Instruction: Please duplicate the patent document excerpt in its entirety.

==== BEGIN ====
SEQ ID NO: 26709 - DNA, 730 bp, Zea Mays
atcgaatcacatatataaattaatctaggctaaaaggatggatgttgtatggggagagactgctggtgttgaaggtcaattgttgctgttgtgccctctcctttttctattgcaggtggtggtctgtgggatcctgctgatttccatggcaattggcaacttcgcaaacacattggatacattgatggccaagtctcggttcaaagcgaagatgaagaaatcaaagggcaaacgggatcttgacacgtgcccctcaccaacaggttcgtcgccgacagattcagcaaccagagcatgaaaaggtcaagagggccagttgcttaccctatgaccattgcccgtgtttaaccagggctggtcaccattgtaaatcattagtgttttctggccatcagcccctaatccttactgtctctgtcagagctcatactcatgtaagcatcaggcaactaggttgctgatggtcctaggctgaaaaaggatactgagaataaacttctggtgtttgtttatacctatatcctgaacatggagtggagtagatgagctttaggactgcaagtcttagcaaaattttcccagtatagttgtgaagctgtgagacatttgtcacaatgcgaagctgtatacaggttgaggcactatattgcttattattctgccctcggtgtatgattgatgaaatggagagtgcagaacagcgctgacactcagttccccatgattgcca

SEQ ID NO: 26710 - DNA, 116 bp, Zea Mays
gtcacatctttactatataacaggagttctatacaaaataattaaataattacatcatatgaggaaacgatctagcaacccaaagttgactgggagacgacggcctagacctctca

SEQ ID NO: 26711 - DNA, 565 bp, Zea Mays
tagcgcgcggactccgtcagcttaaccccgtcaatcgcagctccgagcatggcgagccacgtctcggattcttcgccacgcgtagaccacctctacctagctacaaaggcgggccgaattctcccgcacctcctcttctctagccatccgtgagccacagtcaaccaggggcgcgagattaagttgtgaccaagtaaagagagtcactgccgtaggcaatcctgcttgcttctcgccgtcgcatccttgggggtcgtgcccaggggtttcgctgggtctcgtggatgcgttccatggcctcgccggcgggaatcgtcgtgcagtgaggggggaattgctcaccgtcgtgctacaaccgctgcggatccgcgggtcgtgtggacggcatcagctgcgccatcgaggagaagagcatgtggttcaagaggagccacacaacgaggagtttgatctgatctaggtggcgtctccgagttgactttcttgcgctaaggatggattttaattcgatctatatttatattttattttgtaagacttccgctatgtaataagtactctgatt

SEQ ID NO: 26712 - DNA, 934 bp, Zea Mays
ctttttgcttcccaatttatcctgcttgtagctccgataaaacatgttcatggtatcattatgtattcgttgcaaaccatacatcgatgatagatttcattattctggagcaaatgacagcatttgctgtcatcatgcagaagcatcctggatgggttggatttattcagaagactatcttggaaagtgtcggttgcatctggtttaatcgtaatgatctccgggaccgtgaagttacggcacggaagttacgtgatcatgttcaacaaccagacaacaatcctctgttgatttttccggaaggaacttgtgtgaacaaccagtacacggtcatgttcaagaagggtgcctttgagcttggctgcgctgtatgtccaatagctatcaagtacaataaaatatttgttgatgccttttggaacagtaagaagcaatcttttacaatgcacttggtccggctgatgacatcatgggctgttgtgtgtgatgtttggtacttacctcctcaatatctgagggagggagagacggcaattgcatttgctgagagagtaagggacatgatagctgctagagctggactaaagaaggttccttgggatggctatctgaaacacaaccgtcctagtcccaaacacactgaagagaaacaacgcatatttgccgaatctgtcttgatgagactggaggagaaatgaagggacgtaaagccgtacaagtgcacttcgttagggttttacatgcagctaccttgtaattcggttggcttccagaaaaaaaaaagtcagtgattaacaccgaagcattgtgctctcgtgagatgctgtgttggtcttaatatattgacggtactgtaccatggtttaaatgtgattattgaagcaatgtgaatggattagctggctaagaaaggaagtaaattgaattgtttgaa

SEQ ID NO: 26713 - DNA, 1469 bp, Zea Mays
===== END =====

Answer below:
SEQ ID NO: 26709 - DNA, 730 bp, Zea Mays
atcgaatcacatatataaattaatctaggctaaaaggatggatgttgtatggggagagactgctggtgttgaaggtcaattgttgctgttgtgccctctcctttttctattgcaggtggtggtctgtgggatcctgctgatttccatggcaattggcaacttcgcaaacacattggatacattgatggccaagtctcggttcaaagcgaagatgaagaaatcaaagggcaaacgggatcttgacacgtgcccctcaccaacaggttcgtcgccgacagattcagcaaccagagcatgaaaaggtcaagagggccagttgcttaccctatgaccattgcccgtgtttaaccagggctggtcaccattgtaaatcattagtgttttctggccatcagcccctaatccttactgtctctgtcagagctcatactcatgtaagcatcaggcaactaggttgctgatggtcctaggctgaaaaaggatactgagaataaacttctggtgtttgtttatacctatatcctgaacatggagtggagtagatgagctttaggactgcaagtcttagcaaaattttcccagtatagttgtgaagctgtgagacatttgtcacaatgcgaagctgtatacaggttgaggcactatattgcttattattctgccctcggtgtatgattgatgaaatggagagtgcagaacagcgctgacactcagttccccatgattgcca

SEQ ID NO: 26710 - DNA, 116 bp, Zea Mays
gtcacatctttactatataacaggagttctatacaaaataattaaataattacatcatatgaggaaacgatctagcaacccaaagttgactgggagacgacggcctagacctctca

SEQ ID NO: 26711 - DNA, 565 bp, Zea Mays
tagcgcgcggactccgtcagcttaaccccgtcaatcgcagctccgagcatggcgagccacgtctcggattcttcgccacgcgtagaccacctctacctagctacaaaggcgggccgaattctcccgcacctcctcttctctagccatccgtgagccacagtcaaccaggggcgcgagattaagttgtgaccaagtaaagagagtcactgccgtaggcaatcctgcttgcttctcgccgtcgcatccttgggggtcgtgcccaggggtttcgctgggtctcgtggatgcgttccatggcctcgccggcgggaatcgtcgtgcagtgaggggggaattgctcaccgtcgtgctacaaccgctgcggatccgcgggtcgtgtggacggcatcagctgcgccatcgaggagaagagcatgtggttcaagaggagccacacaacgaggagtttgatctgatctaggtggcgtctccgagttgactttcttgcgctaaggatggattttaattcgatctatatttatattttattttgtaagacttccgctatgtaataagtactctgatt

SEQ ID NO: 26712 - DNA, 934 bp, Zea Mays
ctttttgcttcccaatttatcctgcttgtagctccgataaaacatgttcatggtatcattatgtattcgttgcaaaccatacatcgatgatagatttcattattctggagcaaatgacagcatttgctgtcatcatgcagaagcatcctggatgggttggatttattcagaagactatcttggaaagtgtcggttgcatctggtttaatcgtaatgatctccgggaccgtgaagttacggcacggaagttacgtgatcatgttcaacaaccagacaacaatcctctgttgatttttccggaaggaacttgtgtgaacaaccagtacacggtcatgttcaagaagggtgcctttgagcttggctgcgctgtatgtccaatagctatcaagtacaataaaatatttgttgatgccttttggaacagtaagaagcaatcttttacaatgcacttggtccggctgatgacatcatgggctgttgtgtgtgatgtttggtacttacctcctcaatatctgagggagggagagacggcaattgcatttgctgagagagtaagggacatgatagctgctagagctggactaaagaaggttccttgggatggctatctgaaacacaaccgtcctagtcccaaacacactgaagagaaacaacgcatatttgccgaatctgtcttgatgagactggaggagaaatgaagggacgtaaagccgtacaagtgcacttcgttagggttttacatgcagctaccttgtaattcggttggcttccagaaaaaaaaaagtcagtgattaacaccgaagcattgtgctctcgtgagatgctgtgttggtcttaatatattgacggtactgtaccatggtttaaatgtgattattgaagcaatgtgaatggattagctggctaagaaaggaagtaaattgaattgtttgaa

SEQ ID NO: 26713 - DNA, 1469 bp, Zea Mays